Friday, 12 September 2008

The Logic of Orderly Separation

Ephraim Radner now thinks that operative categories that he once supported for handling Anglican Communion disputes: longer appear to be useful categories, in large part because they do not accurately reflect the actual relationship of expectation and possibility that the disputing parties hold, one to another and with respect to their own commitments.

He is shifting his ground because he realises that one side has these underlying commitments (towards inclusion) that cannot be given up, and yet the other side won't give up its activities (presumably border crossing) without these commitments being dropped.

He is a bit verbose and meandering about this, so there is a need to summarise.

  • 'Moratorium' implies something temporary, whereas the commitment should be dropped entirely.
  • 'Reception' works against the notion of restraint, something being introduced and tested in a context.
  • 'Listening'" turns into doing, or at least justification.

Thus such a process must mean:

either the extinguishing of the traditionalist party itself as a vital ecclesial existence, or the dissolution of a church that holds both parties together.

This is because these processes are introduced in order to be discerned.

On top of this is the debate about equivalence and even the Archbishop's own condition:
Rowan Williams' putative hypocrisy (or "mental illness" as one person called it) over having held personal views theoretically "open" to gay inclusion, even while he now firmly promotes ecclesial adherence to the traditionalist teaching of the Church.

He sees that with society moving to civil partnerships and gay marriages, and these being embedded, that the Churches on the ground are moving in that direction.

He's right: we see this with Californian Episcopal bishops upholding gay marriage in that State.

Not only this but gay relationships permeate lay and clerical personnel active in the churches. Indeed they do, as sons and daughters and even the people themselves discover new relationships.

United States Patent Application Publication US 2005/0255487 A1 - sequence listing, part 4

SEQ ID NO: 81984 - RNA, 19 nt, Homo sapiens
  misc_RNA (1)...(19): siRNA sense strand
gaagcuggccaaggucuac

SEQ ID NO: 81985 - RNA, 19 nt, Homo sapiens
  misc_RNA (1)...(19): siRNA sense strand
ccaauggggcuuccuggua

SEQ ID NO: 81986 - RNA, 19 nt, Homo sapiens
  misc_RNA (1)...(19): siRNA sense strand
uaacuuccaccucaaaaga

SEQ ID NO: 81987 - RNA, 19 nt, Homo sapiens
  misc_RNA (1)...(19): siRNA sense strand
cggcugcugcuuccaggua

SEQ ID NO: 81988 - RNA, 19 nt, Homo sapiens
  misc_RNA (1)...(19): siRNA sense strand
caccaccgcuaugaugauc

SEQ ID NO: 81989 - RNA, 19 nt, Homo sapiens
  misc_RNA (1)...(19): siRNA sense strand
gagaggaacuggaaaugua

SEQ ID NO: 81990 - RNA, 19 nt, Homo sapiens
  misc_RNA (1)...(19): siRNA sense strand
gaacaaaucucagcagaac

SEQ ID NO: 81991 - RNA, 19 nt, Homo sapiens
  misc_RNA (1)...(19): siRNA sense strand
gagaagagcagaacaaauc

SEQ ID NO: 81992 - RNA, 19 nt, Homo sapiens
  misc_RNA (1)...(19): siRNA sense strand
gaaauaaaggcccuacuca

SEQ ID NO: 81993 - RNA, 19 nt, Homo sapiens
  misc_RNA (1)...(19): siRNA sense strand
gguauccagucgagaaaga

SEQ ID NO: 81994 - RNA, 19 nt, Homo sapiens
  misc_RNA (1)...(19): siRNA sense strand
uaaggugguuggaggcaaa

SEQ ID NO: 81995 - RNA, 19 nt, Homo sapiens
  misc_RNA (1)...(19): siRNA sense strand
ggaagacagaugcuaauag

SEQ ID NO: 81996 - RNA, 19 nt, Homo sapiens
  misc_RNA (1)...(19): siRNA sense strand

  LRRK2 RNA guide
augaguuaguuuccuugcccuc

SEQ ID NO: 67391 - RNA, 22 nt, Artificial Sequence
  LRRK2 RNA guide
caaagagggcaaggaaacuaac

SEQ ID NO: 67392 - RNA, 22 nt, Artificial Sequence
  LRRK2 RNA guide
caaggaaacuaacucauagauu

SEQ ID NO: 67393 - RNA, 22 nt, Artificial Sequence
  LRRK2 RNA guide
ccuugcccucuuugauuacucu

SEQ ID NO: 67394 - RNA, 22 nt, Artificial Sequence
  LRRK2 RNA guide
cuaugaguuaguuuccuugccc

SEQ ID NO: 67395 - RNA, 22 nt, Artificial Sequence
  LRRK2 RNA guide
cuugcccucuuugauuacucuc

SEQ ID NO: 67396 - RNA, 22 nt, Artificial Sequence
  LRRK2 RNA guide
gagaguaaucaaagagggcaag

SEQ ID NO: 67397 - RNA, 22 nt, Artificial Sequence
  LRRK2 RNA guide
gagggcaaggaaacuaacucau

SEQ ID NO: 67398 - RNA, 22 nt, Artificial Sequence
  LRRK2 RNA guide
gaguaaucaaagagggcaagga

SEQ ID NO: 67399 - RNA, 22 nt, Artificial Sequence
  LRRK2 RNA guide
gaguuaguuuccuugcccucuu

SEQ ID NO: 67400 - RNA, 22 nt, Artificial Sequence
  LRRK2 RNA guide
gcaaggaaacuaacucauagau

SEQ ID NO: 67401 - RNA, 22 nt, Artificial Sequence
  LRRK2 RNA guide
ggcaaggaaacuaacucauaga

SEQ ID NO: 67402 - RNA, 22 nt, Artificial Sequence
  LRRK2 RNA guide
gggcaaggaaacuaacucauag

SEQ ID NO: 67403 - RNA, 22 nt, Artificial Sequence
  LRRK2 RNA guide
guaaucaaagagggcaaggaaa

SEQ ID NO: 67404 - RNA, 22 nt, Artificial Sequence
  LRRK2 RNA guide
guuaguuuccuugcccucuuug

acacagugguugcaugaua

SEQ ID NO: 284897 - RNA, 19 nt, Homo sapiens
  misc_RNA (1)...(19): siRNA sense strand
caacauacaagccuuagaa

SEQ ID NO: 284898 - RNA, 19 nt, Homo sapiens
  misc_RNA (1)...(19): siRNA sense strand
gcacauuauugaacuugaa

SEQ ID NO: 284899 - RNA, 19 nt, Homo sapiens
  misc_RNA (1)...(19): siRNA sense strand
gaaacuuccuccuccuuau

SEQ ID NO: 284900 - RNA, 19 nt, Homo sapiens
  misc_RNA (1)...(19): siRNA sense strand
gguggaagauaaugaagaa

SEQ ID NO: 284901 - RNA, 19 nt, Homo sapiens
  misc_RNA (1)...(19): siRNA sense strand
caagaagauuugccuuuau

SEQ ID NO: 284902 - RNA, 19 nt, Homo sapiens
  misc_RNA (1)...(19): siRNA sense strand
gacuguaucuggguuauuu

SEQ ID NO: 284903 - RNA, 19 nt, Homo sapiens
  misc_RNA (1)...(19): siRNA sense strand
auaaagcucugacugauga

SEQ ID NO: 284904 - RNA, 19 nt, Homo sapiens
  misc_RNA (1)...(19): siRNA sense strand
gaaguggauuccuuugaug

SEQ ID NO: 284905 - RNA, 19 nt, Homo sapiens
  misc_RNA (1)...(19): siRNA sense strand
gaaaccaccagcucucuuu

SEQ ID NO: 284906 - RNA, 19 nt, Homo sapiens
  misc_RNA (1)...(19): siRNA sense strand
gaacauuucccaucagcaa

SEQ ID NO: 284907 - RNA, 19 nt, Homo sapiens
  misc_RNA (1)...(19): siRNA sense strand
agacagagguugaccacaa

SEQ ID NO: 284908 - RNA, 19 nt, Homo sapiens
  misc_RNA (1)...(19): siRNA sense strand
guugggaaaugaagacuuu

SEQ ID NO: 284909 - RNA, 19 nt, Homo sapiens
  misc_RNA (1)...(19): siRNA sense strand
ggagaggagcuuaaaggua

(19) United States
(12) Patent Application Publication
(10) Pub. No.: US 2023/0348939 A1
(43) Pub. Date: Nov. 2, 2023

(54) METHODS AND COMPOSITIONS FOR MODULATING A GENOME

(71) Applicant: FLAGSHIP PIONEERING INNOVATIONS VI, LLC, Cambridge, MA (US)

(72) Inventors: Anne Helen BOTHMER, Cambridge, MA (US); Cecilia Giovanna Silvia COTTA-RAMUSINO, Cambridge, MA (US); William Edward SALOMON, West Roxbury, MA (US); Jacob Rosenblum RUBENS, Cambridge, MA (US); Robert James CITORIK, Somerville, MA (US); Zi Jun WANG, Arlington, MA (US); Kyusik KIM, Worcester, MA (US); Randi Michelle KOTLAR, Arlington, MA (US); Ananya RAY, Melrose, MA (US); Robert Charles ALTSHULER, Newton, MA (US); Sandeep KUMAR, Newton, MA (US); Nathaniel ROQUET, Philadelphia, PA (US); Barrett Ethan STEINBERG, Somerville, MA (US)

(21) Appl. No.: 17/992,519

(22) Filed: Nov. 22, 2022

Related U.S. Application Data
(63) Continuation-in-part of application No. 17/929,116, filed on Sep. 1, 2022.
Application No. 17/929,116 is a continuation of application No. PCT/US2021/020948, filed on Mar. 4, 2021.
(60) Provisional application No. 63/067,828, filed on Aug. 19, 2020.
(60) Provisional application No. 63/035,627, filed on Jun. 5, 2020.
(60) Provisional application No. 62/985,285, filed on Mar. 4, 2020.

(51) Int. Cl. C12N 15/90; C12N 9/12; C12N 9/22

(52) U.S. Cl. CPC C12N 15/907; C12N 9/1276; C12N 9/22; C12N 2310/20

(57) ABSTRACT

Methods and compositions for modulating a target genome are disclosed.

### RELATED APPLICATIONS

Later on he acknowledges that practices of reproduction (donor inseminations leading to conceptions, and adoptions) take into account the varied sexuality making up family life today.

Thus the experience and legal situation that is becoming common upholds the inclusivists' demands.

Traditionalists by contrast listen, could find authoritative statements made that decide towards inclusivity, and find scholarship undermining their stance.

For me, this should not be a surprise: traditionalists are always defensive. Evangelicals may attack, but traditionalism defends. Yet the traditionalist who defers to authority can see the potential of change, he is stating. (It's like the old one about the Pope suddenly overturning centuries of Roman Catholic assumptions.)

It is all something of a dilemma for a traditional Church that also believes in the plurality of freedom of belief that includes its own freedom. These Churches cannot simply become sectarian, because they have invested into society over long periods: they are, in a broad sense, historical Churches. (One notes this in the most advanced of Roman Catholic theology: that, unlike postliberal Protestantism and largely Anglican Radical Orthodoxy, it does not design its own withdrawal into bubbles of existence but engages with the world of plurality, conversation, ambiguity, debate.)

This is the problem Ernst Troeltsch identified a century ago: that the cultural grounding of the Ecclesia has gone. Those that retain distinct beliefs find the model of the Ecclesia problematic.